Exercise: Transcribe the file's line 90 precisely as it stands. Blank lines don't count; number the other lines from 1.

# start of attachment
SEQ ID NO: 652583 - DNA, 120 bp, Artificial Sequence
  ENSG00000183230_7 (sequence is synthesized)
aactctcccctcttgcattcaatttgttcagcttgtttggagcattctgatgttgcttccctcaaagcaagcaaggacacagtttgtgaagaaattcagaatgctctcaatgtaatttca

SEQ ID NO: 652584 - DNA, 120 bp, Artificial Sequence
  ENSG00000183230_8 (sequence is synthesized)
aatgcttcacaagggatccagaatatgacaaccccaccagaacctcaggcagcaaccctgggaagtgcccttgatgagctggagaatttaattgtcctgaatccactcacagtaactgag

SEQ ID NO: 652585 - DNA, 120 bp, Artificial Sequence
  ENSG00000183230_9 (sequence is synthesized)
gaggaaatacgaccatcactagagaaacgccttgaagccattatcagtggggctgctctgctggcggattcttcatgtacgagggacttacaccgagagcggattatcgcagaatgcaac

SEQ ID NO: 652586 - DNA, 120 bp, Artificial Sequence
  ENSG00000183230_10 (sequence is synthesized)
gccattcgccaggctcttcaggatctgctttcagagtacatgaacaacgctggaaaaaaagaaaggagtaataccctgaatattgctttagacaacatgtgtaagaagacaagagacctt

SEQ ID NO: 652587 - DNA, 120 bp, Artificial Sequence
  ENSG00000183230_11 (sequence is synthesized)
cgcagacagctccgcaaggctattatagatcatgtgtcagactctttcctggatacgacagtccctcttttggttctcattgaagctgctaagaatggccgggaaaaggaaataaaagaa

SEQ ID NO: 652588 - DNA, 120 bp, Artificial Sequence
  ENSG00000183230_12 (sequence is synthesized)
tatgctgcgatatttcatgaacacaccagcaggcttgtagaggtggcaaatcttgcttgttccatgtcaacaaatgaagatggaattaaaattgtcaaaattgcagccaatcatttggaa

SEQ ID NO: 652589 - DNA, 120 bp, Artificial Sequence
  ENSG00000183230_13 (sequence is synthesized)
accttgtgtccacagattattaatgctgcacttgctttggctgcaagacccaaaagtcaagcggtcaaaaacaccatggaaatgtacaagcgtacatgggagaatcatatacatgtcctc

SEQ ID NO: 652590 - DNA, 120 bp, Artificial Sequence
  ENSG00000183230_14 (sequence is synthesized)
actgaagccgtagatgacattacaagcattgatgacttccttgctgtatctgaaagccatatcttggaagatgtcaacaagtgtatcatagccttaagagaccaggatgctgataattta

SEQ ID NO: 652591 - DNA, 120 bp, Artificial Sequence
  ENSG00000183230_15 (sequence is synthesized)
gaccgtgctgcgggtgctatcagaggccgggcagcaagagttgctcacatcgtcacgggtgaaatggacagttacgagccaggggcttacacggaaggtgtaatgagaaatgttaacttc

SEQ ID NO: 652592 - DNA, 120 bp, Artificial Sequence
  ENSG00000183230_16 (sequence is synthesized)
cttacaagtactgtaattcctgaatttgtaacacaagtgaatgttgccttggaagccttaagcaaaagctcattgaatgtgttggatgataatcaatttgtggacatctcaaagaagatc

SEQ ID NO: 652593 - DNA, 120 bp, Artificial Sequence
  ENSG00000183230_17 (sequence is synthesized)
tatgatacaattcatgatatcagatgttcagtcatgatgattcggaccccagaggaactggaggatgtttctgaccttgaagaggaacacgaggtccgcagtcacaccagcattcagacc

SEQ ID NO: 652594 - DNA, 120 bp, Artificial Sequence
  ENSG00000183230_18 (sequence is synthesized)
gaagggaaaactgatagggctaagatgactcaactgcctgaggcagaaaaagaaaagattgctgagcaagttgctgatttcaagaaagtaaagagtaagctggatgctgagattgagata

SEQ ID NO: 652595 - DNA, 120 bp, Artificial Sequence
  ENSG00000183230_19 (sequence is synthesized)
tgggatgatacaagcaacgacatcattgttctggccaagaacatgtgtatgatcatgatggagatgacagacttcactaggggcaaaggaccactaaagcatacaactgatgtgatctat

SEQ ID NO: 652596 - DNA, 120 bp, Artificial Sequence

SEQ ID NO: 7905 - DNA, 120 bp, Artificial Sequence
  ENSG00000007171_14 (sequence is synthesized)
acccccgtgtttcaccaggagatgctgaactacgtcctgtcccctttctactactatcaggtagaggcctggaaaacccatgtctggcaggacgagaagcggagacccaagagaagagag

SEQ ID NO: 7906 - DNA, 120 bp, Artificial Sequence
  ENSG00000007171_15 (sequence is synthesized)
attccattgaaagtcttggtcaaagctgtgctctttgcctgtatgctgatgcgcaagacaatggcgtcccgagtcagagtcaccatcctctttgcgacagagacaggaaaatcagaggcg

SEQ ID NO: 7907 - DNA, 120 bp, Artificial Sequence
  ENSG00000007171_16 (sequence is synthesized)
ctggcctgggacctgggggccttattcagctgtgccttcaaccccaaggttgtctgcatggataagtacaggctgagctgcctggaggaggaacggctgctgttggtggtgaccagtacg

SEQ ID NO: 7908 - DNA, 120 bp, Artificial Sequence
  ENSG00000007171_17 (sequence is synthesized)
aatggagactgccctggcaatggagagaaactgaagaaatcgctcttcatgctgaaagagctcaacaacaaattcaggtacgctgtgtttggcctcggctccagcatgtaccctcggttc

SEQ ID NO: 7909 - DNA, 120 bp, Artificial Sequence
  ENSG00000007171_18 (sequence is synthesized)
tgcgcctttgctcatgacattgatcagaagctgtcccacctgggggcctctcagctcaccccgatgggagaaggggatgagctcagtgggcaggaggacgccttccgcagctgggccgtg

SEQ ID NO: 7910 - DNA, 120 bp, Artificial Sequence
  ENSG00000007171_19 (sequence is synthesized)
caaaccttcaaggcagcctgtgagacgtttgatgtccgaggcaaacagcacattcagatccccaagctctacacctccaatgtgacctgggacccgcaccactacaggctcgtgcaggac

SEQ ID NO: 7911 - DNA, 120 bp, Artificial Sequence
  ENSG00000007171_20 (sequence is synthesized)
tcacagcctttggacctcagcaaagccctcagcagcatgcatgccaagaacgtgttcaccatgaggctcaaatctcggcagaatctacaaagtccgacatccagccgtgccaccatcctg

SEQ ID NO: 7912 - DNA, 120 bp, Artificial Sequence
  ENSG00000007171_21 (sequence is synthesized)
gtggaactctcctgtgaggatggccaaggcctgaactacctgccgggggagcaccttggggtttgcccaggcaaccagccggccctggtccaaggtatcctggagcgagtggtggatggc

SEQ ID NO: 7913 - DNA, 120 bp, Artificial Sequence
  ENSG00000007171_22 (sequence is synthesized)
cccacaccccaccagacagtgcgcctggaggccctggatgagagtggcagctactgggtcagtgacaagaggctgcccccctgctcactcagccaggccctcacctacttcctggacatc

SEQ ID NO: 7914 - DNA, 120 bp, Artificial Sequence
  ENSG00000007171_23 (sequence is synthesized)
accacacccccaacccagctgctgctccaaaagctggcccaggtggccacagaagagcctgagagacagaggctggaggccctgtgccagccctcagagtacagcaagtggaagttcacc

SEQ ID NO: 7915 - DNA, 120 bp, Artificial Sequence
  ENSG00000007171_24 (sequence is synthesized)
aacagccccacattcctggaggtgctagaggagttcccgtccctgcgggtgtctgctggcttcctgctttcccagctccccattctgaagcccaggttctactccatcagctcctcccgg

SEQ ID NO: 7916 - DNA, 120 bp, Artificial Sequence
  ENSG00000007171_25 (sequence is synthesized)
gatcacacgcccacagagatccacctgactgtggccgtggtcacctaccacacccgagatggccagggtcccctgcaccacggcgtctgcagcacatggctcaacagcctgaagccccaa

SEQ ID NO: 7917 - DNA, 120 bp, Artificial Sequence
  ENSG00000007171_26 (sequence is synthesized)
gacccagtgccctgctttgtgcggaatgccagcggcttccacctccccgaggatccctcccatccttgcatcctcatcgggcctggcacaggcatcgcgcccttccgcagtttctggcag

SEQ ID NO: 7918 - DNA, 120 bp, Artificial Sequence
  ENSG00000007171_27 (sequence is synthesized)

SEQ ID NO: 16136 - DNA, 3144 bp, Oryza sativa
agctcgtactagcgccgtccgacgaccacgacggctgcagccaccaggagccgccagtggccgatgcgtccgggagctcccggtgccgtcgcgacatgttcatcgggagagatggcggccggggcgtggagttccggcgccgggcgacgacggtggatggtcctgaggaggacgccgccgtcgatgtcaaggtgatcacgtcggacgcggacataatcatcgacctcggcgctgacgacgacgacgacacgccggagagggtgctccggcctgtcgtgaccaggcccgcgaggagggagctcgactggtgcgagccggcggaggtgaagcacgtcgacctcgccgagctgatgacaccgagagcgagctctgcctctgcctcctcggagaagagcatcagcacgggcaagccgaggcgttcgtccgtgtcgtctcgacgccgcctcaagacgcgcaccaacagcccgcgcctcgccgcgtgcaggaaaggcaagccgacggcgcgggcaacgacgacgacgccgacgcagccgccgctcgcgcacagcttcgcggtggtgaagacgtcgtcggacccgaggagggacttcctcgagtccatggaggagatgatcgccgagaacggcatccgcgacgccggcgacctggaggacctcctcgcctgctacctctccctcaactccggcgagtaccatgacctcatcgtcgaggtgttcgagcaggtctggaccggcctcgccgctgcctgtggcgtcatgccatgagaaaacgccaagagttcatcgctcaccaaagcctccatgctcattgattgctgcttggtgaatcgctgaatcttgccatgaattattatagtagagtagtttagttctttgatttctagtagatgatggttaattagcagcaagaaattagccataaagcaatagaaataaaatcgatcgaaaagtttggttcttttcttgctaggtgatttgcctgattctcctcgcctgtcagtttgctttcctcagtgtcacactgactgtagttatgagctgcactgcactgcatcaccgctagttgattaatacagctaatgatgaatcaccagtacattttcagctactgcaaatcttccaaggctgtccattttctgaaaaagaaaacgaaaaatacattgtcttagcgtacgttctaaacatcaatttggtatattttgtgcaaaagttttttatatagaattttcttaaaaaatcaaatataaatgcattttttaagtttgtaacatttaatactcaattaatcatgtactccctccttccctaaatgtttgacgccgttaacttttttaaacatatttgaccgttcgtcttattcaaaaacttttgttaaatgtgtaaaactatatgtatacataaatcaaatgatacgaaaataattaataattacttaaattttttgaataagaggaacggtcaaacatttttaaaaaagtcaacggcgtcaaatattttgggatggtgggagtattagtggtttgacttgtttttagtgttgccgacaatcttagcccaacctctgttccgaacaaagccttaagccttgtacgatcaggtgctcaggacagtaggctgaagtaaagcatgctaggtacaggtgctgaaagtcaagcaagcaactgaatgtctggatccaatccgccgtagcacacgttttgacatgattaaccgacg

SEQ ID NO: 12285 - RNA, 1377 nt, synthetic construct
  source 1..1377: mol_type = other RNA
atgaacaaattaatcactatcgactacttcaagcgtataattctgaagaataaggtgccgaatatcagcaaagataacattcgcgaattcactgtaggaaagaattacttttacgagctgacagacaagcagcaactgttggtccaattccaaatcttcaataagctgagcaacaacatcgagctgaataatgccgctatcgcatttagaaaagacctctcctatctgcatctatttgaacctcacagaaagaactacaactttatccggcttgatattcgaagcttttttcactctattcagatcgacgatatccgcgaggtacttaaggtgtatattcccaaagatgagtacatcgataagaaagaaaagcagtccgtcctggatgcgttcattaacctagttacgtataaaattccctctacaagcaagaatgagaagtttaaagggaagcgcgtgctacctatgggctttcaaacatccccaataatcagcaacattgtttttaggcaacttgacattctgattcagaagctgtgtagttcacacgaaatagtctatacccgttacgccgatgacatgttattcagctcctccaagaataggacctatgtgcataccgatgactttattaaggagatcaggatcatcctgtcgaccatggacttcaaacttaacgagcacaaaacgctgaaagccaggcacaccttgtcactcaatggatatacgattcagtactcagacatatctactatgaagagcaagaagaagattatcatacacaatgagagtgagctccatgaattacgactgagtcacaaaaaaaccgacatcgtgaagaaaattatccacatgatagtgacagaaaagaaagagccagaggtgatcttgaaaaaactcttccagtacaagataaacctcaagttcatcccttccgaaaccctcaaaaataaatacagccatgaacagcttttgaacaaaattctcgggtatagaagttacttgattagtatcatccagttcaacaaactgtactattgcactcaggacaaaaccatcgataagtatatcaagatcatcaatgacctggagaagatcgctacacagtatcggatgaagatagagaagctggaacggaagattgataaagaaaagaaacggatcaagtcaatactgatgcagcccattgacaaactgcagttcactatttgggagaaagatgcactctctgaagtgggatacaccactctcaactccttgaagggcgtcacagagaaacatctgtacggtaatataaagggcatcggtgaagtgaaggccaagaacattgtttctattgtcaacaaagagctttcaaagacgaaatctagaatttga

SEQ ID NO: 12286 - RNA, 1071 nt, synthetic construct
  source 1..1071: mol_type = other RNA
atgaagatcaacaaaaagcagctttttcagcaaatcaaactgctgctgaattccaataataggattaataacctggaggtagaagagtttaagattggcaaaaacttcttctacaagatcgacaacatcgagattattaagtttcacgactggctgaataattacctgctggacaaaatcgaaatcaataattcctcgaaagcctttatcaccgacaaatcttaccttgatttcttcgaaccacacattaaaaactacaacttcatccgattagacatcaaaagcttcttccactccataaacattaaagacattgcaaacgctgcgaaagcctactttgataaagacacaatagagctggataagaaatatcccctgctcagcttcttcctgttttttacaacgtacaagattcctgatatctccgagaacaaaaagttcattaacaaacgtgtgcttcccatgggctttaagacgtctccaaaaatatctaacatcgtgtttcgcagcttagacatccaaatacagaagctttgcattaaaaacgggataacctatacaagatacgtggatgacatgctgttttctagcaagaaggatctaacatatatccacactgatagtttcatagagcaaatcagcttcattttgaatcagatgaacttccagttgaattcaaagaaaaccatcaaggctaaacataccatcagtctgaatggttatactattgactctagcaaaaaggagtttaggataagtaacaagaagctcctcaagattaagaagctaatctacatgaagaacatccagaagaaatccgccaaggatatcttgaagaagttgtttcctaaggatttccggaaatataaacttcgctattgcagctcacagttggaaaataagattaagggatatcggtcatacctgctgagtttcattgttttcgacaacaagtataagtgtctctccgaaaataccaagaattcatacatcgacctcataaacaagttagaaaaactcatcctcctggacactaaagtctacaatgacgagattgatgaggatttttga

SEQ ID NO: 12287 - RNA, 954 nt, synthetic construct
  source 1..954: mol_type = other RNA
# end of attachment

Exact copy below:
SEQ ID NO: 12287 - RNA, 954 nt, synthetic construct